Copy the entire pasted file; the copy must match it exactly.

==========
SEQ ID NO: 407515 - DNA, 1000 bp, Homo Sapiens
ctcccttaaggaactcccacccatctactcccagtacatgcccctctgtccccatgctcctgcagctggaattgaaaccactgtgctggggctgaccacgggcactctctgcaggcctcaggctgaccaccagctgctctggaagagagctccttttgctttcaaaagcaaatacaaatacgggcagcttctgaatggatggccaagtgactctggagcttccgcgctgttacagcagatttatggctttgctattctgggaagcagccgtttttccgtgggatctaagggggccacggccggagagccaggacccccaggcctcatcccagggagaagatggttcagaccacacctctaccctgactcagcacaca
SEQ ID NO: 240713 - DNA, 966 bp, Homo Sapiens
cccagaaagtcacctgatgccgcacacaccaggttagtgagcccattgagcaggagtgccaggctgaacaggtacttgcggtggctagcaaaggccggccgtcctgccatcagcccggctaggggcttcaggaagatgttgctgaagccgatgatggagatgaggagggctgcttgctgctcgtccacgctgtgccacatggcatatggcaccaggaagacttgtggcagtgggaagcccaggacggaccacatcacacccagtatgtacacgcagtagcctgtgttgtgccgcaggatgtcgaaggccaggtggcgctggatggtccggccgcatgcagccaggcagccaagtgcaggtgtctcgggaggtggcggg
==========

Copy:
SEQ ID NO: 407515 - DNA, 1000 bp, Homo Sapiens
ctcccttaaggaactcccacccatctactcccagtacatgcccctctgtccccatgctcctgcagctggaattgaaaccactgtgctggggctgaccacgggcactctctgcaggcctcaggctgaccaccagctgctctggaagagagctccttttgctttcaaaagcaaatacaaatacgggcagcttctgaatggatggccaagtgactctggagcttccgcgctgttacagcagatttatggctttgctattctgggaagcagccgtttttccgtgggatctaagggggccacggccggagagccaggacccccaggcctcatcccagggagaagatggttcagaccacacctctaccctgactcagcacaca
SEQ ID NO: 240713 - DNA, 966 bp, Homo Sapiens
cccagaaagtcacctgatgccgcacacaccaggttagtgagcccattgagcaggagtgccaggctgaacaggtacttgcggtggctagcaaaggccggccgtcctgccatcagcccggctaggggcttcaggaagatgttgctgaagccgatgatggagatgaggagggctgcttgctgctcgtccacgctgtgccacatggcatatggcaccaggaagacttgtggcagtgggaagcccaggacggaccacatcacacccagtatgtacacgcagtagcctgtgttgtgccgcaggatgtcgaaggccaggtggcgctggatggtccggccgcatgcagccaggcagccaagtgcaggtgtctcgggaggtggcggg